Top 5 things to avoid when planning a China trip

There are some activities that seem to enter all itineraries going to China, and they can sound so appealing, but they really shouldn’t be for you, if you are reading my blog posts.

1. Cloisonné Factory: The itinerary often says that one can observe the skilled artisan create intricate designs. It’s usually on the way to the Great Wall. It is true? Yes, for about 5% of the time there. More importantly, this is a tourist destination shop that pays the tour guide and driver commissions. Usually, the guide and driver can obtain from 30% to 50% of what you paid in the shop, and this is their salary. The guide and drivers don’t usually get paid a wage for their time, so you can understand the pressure they are under. If you don’t buy, they would have worked for free that day. Imagine the service you’ll get the next day.

2. Jade factory visit: This is often in Xi’an and lots of other places around China too. This is again a commissioned shop. Again, your guides and drivers in Xi’an depend on this shop for their living.

3. Carpet factory visit: There is one famous one in Shanghai. Don’t think I need to repeat myself. That said, there are some workshops run by NGOs in Tibet, and those are real places you can actually see the workers stitching the carpet. Knowing that money there goes to support local schools or NGOs, I would encourage those rather than the ones in Shanghai.

4. Silk factory visit: There is one in Suzhou. To be fair, it was kind of interesting; I personally went there and bought a silk blanket and a mao jacket. But, remember I went there as a travel agent, so I could negotiate without tour guide commissions. I wouldn’t imagine going there as a tourist.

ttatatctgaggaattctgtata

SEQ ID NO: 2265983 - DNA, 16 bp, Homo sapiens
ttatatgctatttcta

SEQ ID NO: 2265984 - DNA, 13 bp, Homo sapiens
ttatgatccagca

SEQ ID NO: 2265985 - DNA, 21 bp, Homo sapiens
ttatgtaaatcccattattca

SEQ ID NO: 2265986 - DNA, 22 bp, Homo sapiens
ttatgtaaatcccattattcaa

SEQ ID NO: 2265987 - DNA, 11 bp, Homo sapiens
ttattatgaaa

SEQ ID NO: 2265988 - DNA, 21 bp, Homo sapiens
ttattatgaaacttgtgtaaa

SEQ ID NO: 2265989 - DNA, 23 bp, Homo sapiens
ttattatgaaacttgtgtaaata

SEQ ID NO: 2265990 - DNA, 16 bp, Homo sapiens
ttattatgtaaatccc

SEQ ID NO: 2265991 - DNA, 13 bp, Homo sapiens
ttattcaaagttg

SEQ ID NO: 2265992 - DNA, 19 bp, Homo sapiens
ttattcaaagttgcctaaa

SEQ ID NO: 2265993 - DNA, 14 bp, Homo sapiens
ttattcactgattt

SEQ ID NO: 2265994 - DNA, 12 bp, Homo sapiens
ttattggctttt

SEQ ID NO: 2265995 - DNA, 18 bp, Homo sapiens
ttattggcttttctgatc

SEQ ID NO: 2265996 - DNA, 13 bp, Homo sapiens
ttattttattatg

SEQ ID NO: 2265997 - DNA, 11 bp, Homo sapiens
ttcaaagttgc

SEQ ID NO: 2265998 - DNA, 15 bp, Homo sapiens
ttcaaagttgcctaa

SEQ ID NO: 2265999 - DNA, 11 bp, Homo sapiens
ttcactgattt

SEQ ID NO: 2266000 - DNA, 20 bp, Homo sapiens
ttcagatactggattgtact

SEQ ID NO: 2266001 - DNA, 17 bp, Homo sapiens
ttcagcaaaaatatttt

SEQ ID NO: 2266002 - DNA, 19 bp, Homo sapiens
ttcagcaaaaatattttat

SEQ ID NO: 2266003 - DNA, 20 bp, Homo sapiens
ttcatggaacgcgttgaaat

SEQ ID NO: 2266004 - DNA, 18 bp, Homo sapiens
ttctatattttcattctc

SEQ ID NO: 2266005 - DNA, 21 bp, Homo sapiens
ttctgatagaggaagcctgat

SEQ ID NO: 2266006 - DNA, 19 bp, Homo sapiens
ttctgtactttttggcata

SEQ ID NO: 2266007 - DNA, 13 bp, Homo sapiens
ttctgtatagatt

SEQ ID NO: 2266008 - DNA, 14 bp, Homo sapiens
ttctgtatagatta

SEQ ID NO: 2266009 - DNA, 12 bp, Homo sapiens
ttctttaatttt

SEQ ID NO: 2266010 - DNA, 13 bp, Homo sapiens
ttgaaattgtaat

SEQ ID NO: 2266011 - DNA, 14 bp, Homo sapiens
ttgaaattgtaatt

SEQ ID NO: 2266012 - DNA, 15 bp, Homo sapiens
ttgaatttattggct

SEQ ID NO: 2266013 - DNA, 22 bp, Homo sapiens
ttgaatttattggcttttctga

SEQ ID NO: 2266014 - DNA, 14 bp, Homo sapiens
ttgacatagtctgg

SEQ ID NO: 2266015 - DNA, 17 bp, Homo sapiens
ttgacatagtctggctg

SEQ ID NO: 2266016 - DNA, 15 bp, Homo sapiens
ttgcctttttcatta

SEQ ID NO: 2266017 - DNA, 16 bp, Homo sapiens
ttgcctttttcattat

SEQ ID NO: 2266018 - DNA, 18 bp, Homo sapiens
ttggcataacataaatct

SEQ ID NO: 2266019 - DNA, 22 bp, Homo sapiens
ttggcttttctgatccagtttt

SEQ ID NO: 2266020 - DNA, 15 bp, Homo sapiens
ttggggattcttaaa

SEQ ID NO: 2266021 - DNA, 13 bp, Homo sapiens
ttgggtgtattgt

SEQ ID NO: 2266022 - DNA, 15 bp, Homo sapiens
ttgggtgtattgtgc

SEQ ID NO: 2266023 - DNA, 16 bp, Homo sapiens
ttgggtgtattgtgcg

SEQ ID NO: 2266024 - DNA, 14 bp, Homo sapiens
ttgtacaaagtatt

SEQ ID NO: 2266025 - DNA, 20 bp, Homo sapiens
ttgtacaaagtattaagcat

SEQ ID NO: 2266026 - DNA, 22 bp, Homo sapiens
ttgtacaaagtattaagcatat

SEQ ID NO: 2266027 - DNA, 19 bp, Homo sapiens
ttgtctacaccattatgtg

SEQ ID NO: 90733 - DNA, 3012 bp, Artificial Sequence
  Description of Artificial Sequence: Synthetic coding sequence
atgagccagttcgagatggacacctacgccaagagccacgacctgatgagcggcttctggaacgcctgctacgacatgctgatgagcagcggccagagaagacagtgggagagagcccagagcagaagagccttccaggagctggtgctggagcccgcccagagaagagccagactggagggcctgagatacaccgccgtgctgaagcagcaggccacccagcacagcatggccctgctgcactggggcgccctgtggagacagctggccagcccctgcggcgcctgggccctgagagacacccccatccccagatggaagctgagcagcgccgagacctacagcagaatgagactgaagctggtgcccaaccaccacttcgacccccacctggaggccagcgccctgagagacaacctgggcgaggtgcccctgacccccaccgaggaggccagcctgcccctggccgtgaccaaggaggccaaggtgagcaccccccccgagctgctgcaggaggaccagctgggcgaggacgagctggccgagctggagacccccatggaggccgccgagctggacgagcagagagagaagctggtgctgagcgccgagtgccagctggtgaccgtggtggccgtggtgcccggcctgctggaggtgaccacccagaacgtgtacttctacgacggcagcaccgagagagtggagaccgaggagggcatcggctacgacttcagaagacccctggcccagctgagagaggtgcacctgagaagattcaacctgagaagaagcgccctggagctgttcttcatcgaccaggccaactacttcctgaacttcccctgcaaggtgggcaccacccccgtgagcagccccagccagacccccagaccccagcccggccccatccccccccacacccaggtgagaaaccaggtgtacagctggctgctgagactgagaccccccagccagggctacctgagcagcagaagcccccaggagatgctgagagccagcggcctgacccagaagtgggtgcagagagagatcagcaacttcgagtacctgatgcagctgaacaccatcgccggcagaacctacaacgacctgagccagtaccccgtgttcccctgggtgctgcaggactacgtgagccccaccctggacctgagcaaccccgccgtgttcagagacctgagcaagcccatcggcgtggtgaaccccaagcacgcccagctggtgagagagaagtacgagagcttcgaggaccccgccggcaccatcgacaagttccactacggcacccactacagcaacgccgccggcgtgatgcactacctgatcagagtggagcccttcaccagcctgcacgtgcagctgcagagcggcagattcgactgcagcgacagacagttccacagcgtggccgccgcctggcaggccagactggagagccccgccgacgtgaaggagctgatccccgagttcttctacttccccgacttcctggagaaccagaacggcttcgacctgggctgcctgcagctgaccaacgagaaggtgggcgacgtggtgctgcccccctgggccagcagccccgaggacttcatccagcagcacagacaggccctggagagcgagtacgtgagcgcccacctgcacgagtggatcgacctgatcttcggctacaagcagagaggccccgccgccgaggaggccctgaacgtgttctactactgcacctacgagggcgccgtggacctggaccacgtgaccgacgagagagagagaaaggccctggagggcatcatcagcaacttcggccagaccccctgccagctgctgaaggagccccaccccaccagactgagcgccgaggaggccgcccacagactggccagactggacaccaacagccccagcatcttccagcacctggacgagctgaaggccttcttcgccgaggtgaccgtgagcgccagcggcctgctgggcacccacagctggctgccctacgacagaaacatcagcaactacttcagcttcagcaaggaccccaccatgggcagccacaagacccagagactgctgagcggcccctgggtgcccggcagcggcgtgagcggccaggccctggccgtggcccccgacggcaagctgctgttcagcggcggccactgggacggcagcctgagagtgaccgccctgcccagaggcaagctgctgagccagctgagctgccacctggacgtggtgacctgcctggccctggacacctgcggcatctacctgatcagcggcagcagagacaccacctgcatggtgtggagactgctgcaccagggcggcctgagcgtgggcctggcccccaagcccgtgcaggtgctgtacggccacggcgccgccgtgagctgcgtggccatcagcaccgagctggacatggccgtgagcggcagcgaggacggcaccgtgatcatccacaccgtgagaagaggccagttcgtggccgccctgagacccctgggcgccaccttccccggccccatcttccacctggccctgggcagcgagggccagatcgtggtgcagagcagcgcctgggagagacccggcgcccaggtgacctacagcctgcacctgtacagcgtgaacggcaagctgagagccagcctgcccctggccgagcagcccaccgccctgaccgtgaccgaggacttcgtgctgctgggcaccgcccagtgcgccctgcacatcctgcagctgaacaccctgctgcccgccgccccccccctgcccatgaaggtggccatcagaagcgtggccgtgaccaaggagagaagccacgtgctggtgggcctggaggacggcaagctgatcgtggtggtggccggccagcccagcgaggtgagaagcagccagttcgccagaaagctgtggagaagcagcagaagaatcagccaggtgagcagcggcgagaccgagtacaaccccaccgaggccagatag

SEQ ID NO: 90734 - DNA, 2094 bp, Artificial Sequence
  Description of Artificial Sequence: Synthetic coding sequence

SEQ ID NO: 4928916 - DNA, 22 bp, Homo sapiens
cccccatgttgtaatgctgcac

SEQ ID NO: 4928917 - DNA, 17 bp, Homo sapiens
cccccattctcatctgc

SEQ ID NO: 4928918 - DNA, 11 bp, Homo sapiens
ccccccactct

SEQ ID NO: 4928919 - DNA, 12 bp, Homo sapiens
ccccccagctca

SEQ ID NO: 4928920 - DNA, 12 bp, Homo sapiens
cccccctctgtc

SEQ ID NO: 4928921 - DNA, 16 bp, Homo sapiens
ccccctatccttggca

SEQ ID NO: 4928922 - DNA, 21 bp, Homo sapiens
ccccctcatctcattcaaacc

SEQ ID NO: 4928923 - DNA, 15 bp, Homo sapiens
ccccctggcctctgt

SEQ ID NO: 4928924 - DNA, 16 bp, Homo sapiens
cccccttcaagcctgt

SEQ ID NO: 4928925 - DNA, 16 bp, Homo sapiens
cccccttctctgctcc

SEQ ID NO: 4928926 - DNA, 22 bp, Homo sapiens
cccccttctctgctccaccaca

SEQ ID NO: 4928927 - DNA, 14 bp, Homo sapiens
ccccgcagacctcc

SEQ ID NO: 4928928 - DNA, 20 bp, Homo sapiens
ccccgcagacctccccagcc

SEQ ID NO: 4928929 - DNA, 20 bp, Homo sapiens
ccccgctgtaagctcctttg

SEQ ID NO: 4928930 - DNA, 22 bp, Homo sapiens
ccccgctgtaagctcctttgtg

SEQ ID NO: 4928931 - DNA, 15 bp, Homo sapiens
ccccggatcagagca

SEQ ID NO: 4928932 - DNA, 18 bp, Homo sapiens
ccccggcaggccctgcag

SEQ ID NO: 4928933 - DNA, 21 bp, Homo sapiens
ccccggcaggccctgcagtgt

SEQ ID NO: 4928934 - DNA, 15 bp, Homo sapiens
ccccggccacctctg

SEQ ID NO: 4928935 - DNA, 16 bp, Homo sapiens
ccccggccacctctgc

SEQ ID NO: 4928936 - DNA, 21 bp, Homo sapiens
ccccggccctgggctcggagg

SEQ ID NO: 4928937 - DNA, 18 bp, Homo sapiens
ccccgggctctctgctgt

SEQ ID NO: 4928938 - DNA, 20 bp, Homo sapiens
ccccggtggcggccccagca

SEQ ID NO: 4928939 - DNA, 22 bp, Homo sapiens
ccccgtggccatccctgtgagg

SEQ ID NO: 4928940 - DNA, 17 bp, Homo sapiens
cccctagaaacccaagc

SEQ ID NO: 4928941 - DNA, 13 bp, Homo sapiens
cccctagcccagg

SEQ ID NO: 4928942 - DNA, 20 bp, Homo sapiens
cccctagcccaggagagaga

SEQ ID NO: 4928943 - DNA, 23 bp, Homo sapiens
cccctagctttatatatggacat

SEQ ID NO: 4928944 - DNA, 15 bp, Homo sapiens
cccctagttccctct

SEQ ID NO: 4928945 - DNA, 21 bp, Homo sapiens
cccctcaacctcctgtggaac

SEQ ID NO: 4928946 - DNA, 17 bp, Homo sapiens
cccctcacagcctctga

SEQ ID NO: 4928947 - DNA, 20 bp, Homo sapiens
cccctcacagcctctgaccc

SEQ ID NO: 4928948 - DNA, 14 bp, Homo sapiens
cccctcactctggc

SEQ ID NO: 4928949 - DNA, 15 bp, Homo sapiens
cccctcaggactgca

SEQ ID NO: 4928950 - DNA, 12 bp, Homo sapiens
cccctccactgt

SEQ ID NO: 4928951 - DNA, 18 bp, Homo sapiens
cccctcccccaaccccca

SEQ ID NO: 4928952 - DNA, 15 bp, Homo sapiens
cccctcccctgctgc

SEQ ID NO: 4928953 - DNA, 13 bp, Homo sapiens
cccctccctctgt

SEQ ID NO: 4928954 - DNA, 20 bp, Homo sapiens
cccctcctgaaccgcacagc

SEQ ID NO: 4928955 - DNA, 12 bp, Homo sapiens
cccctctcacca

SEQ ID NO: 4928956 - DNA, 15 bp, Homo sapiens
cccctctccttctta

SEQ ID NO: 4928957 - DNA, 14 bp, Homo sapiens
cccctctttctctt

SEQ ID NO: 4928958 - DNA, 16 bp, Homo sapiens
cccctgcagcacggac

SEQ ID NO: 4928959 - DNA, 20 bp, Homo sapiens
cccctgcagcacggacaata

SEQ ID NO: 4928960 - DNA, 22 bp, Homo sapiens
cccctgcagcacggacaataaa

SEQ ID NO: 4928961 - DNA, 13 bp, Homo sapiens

5. Yangtze River Cruise: I personally would not recommend it. It’s really not very interesting and you are just on a boat with tons of other western tourists for 3 days eating buffet good. That was a fine option when china was less accessible before, but nowadays, there are so many wonderful places to visit, fine restaurants to dine in. Particularly, for anyone looking to experience a country, rather than tour a country, the cruise is a hard place to experience China. There are generally no shorter options either. So, if I had 14 days to spend on one China trip, I would not spend 20% of that time on the cruise.

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Mr. tour guide, would you leave me alone please?

My husband and I arrive at Setti Fatma, got out of the car, and were immediately approached by Mohamed, a 20ish year old young man hankering for a job as our tour guide. We planed to hike up the mountain to visit the famous 7 waterfalls in the High Atlas mountains, and thought it might be nice to have a guide along. So we asked him how much he would charge to guide us.

“As you like! No fixed price. If you like my service you pay me, if not, no obligation.” Said Mohamed, sounding like any of the other sneaky offers we got off street corner in Marrakech.

“又来了! (Oh, please, not again!)” My husband and I both complained in Chinese. Yes, this line has been wearing us down throughout our journey in Morocco. We are not big tour joiners, so have decided to take it easy and navigate on our own. But, everywhere we went, be it looking for a restaurant, or a market, there always seemed to be some youth hanging around the street corner, ready to guide you astray and charge you a few dirams for his “service”. We were tired of these guides. It is at moments like this that I wonder, if individual travelers to China are subject to this experience. I don’t know since I am Chinese and speak the language.